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Consuming Jesus 4

posted by xscot mcknight

How best to transform the evangelical church so it will gain sight to eliminate its blindness to such things as racism and classism and consumerism? Here Paul Metzger, in Consuming Jesus, reveals his evangelicalism.
The solution is a theology that begins with personal conversion that works itself out into genuine reconciliation with others and downwardly mobile ethic.
[My contention: Either evangelicalism is filled, big-time filled, with unconverted folks or this strategy is just words. The fact is that many, if not most, of evangelicals — or those who claim personal conversion — are not that involved in the anticonsumerist and antiracist and anticlassist agenda Metzger advocates.]
“The fight against racialization and related problems requires regeneration, repentance, and forgiveness — the key ingredients of being ‘born again'” (89). One must assume personal responsiblity: “In addition to overturning victimizing structures, people should never make excuses for taking part in victimizing activities and should never play the victim card” (89).
Two dangers involved in “reordering the Christian’s life”: moralism and escapism. “A neglect of the vertical dimension leads to moralism, while a neglect of the horizontal dimension leads to escapism” (91).
1. Moralism: “According to a properly framed evangelical ethics, the unilateral relationship between the vertical and horizontal dimensions implies that a converted heart will manifest itself in concern for the neighbor… But the flipside of that is not equally true: concern for the neighbor does not necessarily flow from a converted heart” (92). Here’s a bold claim: “those who find favor with God give themselves on behalf of the poor” (97).
In this section he appeals lots to Jonathan Edwards. Authentic Christianity is contrary to moralism.
2. Escapism: looking inward and looking upward are the two forms of escapism. Giving family security instead of following Christ.
“In light of the preceding discussion, we need to ask ourselves whether we are truly converted” (106). Are we calling the consumer church to its knees? Here he appeals to Martin Luther King Jr.
“Converting consumer structures inside and outside the evangelical church, as well as converting consumerist souls, is necessary if we are to realize King’s dream, if the new world order is to come into being, if there is to be truly one people of God — one people from differnent ethnicities and classes who are united in Christ by the Spirit and united by faith” (110).

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posted November 19, 2007 at 3:49 am

When I’m explaining about the importance of faithful covenant-keeping, I like to challenge people to really ponder what Jesus was talking about in Matthew when he’s sorting out sheep and goats…asking folks to consider whether their actions will show horns.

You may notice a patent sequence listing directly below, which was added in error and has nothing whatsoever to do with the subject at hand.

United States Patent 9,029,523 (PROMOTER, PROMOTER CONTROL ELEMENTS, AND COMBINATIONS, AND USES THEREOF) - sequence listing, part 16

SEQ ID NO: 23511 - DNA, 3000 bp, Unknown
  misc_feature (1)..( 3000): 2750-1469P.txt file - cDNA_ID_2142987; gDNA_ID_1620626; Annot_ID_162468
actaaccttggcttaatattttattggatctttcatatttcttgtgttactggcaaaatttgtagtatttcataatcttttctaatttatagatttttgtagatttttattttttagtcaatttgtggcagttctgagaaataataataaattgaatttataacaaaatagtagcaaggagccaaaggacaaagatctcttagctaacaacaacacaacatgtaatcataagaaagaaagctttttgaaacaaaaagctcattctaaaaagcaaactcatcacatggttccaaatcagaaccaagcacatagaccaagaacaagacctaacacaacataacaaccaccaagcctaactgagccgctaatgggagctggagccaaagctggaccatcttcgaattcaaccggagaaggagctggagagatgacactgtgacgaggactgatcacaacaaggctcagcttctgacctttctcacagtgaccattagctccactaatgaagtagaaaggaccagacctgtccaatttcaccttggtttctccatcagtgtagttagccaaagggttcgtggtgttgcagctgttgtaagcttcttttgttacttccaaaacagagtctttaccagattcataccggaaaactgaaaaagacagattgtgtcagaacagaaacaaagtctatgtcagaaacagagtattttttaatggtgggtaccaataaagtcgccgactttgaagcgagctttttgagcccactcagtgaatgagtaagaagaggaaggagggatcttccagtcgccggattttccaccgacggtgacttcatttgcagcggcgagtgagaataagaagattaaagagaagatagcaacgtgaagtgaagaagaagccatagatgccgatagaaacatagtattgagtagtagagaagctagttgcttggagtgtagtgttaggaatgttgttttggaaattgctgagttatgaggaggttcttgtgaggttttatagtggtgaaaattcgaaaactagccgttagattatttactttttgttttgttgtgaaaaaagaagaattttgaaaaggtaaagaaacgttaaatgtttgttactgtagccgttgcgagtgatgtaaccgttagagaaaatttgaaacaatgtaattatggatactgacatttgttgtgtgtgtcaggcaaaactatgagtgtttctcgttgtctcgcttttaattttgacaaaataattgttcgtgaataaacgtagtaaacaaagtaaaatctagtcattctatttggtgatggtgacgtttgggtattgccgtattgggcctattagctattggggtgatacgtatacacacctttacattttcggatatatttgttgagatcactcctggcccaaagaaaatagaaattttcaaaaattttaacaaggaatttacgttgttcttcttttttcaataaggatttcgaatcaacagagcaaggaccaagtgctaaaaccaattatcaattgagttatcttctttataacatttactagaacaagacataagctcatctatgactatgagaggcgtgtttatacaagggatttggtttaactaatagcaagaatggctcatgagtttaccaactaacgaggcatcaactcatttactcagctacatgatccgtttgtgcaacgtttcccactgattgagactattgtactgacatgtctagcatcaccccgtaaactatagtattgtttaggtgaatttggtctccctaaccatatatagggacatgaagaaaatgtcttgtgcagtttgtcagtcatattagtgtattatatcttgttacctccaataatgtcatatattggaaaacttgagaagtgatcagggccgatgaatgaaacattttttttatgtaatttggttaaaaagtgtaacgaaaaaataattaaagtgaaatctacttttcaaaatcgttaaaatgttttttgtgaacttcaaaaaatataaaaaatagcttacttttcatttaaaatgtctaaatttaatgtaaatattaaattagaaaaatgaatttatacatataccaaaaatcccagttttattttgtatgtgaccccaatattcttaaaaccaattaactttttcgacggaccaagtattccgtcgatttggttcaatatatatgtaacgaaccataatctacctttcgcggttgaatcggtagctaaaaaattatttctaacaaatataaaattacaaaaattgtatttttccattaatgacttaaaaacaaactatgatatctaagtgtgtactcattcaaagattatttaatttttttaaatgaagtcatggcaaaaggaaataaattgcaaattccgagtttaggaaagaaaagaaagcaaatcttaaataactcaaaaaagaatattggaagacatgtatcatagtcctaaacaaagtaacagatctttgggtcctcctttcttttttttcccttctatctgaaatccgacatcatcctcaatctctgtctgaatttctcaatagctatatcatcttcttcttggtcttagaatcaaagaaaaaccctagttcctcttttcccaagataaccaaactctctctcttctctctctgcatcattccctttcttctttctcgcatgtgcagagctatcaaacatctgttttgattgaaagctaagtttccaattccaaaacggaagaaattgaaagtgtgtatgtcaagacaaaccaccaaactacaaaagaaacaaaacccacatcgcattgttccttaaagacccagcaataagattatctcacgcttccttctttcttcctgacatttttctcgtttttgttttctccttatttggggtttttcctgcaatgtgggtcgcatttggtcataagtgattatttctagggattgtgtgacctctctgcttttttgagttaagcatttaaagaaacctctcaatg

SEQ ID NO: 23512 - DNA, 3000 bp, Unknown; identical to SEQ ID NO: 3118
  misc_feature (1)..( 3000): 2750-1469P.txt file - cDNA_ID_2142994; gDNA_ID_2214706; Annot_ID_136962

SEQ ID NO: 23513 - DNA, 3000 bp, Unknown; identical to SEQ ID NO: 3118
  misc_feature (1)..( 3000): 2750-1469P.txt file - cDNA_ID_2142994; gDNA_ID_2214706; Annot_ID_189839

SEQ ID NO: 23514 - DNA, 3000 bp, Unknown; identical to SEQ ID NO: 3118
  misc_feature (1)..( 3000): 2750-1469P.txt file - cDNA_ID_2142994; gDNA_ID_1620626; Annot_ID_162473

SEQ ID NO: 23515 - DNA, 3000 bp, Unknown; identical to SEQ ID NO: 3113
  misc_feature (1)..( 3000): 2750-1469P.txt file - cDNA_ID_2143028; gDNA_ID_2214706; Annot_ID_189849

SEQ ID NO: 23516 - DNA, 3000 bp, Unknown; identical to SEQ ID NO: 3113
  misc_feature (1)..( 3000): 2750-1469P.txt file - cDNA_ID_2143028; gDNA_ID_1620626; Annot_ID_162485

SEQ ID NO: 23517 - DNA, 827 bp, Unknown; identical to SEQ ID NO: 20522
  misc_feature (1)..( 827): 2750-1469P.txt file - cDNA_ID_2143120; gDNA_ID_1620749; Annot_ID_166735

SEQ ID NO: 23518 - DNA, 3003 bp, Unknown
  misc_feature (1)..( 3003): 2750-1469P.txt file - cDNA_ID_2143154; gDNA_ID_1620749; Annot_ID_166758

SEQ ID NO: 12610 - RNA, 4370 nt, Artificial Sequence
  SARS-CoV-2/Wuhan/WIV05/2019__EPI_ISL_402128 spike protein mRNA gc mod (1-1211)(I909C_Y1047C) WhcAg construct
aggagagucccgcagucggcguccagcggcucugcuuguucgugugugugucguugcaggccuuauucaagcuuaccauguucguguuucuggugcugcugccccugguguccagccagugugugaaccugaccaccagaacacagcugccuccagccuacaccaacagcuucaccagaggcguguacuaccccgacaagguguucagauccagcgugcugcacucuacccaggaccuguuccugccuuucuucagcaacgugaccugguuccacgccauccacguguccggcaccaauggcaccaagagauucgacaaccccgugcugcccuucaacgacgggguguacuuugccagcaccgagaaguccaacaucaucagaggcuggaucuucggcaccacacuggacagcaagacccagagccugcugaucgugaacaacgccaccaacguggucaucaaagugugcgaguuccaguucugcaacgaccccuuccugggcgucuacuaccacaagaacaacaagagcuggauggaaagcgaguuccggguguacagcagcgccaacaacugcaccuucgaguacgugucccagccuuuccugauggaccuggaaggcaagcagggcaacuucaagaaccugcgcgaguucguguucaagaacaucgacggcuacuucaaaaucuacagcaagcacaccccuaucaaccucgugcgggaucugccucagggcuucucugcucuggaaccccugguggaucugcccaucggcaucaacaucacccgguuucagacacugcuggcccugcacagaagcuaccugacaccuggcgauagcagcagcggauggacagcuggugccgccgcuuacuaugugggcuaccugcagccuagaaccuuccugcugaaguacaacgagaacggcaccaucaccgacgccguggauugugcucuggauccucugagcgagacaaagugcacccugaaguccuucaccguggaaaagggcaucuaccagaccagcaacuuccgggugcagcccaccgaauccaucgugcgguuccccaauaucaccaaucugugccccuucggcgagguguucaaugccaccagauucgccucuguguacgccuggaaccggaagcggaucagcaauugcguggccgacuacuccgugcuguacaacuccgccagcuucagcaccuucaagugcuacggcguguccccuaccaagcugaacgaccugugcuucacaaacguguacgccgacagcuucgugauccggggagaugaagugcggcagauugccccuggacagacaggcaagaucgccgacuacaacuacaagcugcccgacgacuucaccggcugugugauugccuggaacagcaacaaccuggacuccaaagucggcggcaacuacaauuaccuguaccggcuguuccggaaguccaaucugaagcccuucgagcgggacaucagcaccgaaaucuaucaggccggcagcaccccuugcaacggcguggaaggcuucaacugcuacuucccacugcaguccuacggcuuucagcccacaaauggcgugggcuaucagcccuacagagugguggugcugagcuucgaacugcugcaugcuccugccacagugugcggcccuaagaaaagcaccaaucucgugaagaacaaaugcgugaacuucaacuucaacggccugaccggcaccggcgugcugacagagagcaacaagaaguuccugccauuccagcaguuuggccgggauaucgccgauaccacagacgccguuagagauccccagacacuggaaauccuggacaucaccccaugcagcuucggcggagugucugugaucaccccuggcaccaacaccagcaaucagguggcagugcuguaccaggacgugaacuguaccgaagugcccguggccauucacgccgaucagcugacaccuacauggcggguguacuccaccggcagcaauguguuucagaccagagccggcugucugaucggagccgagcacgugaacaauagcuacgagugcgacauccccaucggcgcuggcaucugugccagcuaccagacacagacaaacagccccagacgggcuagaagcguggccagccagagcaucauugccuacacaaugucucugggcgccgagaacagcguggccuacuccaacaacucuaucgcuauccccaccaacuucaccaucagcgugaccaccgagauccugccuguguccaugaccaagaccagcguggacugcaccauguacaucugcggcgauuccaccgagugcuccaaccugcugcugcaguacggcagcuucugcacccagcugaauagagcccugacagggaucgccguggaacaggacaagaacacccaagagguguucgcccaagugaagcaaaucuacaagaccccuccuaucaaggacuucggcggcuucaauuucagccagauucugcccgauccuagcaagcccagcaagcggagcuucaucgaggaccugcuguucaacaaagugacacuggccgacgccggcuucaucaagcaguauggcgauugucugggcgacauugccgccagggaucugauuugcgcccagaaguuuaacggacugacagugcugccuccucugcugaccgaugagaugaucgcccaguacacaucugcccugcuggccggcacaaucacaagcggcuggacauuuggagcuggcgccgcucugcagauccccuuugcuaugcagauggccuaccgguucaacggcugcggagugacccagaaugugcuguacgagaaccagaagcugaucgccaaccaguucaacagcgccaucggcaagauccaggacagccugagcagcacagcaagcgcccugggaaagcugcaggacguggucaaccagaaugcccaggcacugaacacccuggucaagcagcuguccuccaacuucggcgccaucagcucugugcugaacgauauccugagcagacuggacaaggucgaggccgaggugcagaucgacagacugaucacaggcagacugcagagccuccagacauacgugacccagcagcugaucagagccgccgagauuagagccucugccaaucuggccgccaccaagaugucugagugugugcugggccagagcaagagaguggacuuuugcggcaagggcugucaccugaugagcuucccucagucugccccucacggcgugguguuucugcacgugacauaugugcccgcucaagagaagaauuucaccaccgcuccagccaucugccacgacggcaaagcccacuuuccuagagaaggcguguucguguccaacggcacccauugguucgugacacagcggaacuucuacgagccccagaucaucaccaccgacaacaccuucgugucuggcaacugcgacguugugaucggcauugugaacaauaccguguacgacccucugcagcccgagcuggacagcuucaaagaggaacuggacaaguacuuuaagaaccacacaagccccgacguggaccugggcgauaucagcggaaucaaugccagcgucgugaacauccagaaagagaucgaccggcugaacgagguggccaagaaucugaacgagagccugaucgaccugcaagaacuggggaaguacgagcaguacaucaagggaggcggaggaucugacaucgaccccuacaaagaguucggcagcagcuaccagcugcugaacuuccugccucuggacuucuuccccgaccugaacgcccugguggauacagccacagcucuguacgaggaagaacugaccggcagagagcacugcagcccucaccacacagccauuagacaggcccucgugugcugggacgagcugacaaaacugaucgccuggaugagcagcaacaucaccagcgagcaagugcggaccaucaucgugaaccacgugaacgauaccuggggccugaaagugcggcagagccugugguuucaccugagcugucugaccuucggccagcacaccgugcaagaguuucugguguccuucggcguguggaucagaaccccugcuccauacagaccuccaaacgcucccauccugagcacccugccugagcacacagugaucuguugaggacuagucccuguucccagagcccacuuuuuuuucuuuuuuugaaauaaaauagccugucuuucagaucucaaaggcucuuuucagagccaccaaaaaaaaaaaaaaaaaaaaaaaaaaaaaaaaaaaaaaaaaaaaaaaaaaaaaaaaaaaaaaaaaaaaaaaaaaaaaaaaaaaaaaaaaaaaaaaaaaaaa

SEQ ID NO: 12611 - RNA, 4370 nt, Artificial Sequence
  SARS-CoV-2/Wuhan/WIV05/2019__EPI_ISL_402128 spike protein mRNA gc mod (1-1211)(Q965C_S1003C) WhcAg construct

We don’t like to think about whether our actions (or lack thereof) nullify our covenant vows…like in a marriage that has never been consummated, or one that has been shattered by adultery or abandonment.

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Ted M. Gossard

posted November 19, 2007 at 7:50 am

I too wonder about whether conversion to Christ means people automatically walk in the way of Jesus. I think not. Too often we walk too much according to teh American way or some other way, I’m afraid.

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Bob Brague

posted November 19, 2007 at 8:35 am

I get nervous when people talk about “the new world order.” It brings to mind the Council on Foreign Relations and for some reason I can’t explain, George Herbert Walker Bush.

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posted November 19, 2007 at 8:35 am

Metzgar’s book sounds like an updated and more evangelical version of the liberation theology of the 1970s. I have not read the book, but it sounds like he kind of jumps over the “conversion” process … the key to changing unjust external social structures has to be the real change in internal structures of the soul: the kingdom of God is within you.
Dallas Willard has focused most of his writings on this internal process of true spiritual formation and discipleship. In his recent book, The Great Omission he makes a bold statement that he is not aware of a single ministry or church in the United States that has a primary focus on inward spiritual formation.
How to bring the inward dimension of spiritual formation together with the outward need for transformation of society and economic sturtures? thats a research question for a lifetime.

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posted November 19, 2007 at 8:53 am

Jim Wallis, I think, has been saying this for years. I may not entirely agree with him on all matters, but his point is that Christians need to be involved in affairs of justice because we are here to reflect and advance God’s kindgom.
For example, what is the Church’s reaction to the spewing of hatred towards the illegal alien? A nation has a right to protect its borders and security, but the evilness I hear spouted against illegal aliens is entirely unjust and Christians must stand up against this hatred.
Two good books that I am reading now that speaks of cultural transformation:
Discipling the Nations: The Power of Truth to Transform Cultures
Walking with the Poor,
Each helps to address the issue of the impact on development that the christian can and must play.
Pastor Chris

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posted November 19, 2007 at 9:33 am

This reminds me of the question you posed in the EMC review, “If ‘X’ is the gospel (solution), what’s the problem being solved?” Evangelicalism tends to define that problem (exclusively) as God’s judgment. We get “saved” from that. Judicial justification = salvation. I personally think “saved from sins” alone is much, much bigger than that, but c’est la vie.